Updated June 2020
I’ve never been one to talk about my accomplishments. I always struggle with that question when people ask me. I get really embarrassed and then my mind goes blank. Have I accomplished anything?
It also becomes especially difficult to think about my personal achievements when my mental health isn’t great. Depression and anxiety have a way of making you feel like an underachiever, especially compared to everyone you see on social media.
Why think about your personal achievements?
Every once in awhile, when I’m feeling down or stressed (or preparing for job interviews), I make myself think about my personal achievements. I need to be reminded of how far I’ve come and what I’ve accomplished, especially when nothing comes to mind naturally.
It’s an effective exercise because often you forget how far you’ve come in life. If you’re looking at your current life with a narrow lens, everything seems to exist in a vacuum. It’s only when you step back that you can see how each achievement, no matter how big or small, has helped you get to where you are today.
Note: This post was first written in 2015. Now, halfway through 2020, I’m looking back at my personal achievements because I need to be reminded that I’m not a failure. I hope you take a few minutes to reflect on your personal achievements and see how far you’ve come.
Graduating high school
High school was the first period of my life where I wasn’t outright bullied by classmates. It is tough for everyone in different ways and I’m glad I made it out alive, with great friends and many great experiences.
Going to college away from home
I really wanted to get out of my hometown for college, both for independence and a change of pace. It was one of the best decisions I’ve ever made. I had to deal with many strange illnesses and injuries by myself, learn about my anxiety and learn to love driving 600 miles in one trip! I also had the opportunity to fall in love with a different part of the States and meet some amazing people.
Living in Paris for a summer
Living in Paris for one summer was my second time abroad but my first time abroad for a long period of time. I lived with a host family who didn’t speak English, so I experienced real culture shock and true immersion. In the end, I fell in love with the city and got the chance to fall in love with France.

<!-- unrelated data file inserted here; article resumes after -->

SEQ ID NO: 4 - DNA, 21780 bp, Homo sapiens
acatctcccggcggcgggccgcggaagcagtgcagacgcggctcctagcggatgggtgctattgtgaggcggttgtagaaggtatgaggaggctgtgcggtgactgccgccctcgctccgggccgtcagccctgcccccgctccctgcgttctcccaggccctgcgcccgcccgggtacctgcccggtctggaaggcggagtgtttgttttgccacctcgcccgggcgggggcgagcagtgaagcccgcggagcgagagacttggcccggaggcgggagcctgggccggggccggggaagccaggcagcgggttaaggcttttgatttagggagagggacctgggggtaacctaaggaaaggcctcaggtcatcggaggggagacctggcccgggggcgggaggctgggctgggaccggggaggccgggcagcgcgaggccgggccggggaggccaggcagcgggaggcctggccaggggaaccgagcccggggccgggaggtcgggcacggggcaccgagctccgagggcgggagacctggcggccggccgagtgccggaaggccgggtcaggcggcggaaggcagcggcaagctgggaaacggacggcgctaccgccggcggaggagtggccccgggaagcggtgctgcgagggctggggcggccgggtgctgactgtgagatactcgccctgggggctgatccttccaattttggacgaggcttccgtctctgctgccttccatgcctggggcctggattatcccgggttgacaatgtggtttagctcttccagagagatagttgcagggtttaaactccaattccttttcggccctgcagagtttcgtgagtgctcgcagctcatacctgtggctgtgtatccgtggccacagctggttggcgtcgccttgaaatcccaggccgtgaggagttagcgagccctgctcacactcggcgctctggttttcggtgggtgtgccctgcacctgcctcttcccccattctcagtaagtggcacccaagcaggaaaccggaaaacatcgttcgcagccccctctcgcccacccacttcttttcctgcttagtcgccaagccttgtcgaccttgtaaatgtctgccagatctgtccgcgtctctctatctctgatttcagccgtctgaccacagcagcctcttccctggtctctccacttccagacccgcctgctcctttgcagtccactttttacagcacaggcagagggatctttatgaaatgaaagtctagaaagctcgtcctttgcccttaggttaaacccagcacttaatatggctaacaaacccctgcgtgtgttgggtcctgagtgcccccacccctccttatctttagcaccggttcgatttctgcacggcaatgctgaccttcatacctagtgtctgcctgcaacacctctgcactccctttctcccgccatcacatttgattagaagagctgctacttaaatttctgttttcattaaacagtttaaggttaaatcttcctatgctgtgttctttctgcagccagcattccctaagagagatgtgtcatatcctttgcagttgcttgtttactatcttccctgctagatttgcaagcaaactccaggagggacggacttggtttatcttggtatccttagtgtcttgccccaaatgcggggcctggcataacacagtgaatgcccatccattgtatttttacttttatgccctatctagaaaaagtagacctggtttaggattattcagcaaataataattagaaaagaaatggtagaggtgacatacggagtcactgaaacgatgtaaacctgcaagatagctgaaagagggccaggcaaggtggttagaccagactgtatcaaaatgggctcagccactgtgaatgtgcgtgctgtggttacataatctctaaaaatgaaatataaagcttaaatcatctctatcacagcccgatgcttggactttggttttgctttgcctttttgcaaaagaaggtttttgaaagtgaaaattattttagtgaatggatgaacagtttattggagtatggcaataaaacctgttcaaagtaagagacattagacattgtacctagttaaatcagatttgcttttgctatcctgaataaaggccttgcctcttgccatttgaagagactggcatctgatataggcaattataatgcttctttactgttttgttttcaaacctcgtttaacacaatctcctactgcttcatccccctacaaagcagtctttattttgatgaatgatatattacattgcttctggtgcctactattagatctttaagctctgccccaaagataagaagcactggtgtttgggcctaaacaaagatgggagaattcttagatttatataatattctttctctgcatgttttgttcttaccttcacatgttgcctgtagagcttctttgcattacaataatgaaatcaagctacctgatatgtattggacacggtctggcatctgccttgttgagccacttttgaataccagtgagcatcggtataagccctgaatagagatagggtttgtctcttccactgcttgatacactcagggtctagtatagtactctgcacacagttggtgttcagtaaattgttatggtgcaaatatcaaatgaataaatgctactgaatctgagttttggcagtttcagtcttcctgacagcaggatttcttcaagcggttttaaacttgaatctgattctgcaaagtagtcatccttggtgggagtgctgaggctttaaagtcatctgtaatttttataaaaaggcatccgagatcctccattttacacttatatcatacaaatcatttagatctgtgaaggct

Being [almost] fluent in French
Thanks to my summer abroad and my host family’s lack of knowledge of English, I became almost fluent in French. It has always been my goal lifelong goal to learn a language other than English and I’m proud of the work I put in to get to my current level.
Living in London for a year (and surviving British academics)
When I chose to study abroad in London, I had never been there before. I took a huge leap of faith and left my comfort zone, hoping for the best. Five years after being back and I have no regrets.
While in London, I attended The London School of Economics. With a completely different academic style than that of the US, I was very worried about how I would adapt, but after a few months, I grew to love and thrive in the more independent system!
Despite starting out great, the four years of college were some of the hardest years of my life thus far. Anxiety, depression, intense academics, and social pressures challenged me more than I knew possible. There were several periods of time where I didn’t know if I would continue at my school, let alone graduate from it. But four years and two theses later, I made it!
Visiting 16 countries
I didn’t leave America until I was 18, and when I did I only went to Paris. Since my first trip abroad in 2012, I have traveled to 16 countries and countless cities as a student and as a young professional with a full-time job. Travel has become a major aspect of my life and I can’t imagine it any other way.
Starting my blog
This blog has saved my sanity. I have been able to organize my thoughts, share my experiences with friends and family, and gain a favorite hobby that I hope to continue for as long as possible. I might not always update it regularly, especially if I’m going through periods of depression or extreme anxiety, but it’s my little corner of the internet and I love it.
Managing my mental health
Anxiety has always been a part of my life, but it really became a major aspect of my daily living in 2013. Despite setbacks here and there, I’ve found ways to manage my anxiety and ensure that it doesn’t stop me from traveling. Depression became a part of my life in 2015 and rears its head occasionally. I am proud of myself for handling two sometimes debilitating mental illnesses and cultivating a group of people who support me when times are tough.
Knowing my worth
At the beginning of the year, I left an abusive and toxic job. For one year, I saw my knowledge undermined by people who knew nothing about my job. I was told I was a terrible writer. I was blocked from getting meaningful work done. Jokes about women were made at my expense. I was too anxious at work every day to eat properly; I lost a lot of weight. And after I made attempts to remedy the situation at the company which didn’t have HR, I said goodbye. It was probably one of my biggest accomplishments in life thus far, even though it meant stepping back and not moving forward professionally.
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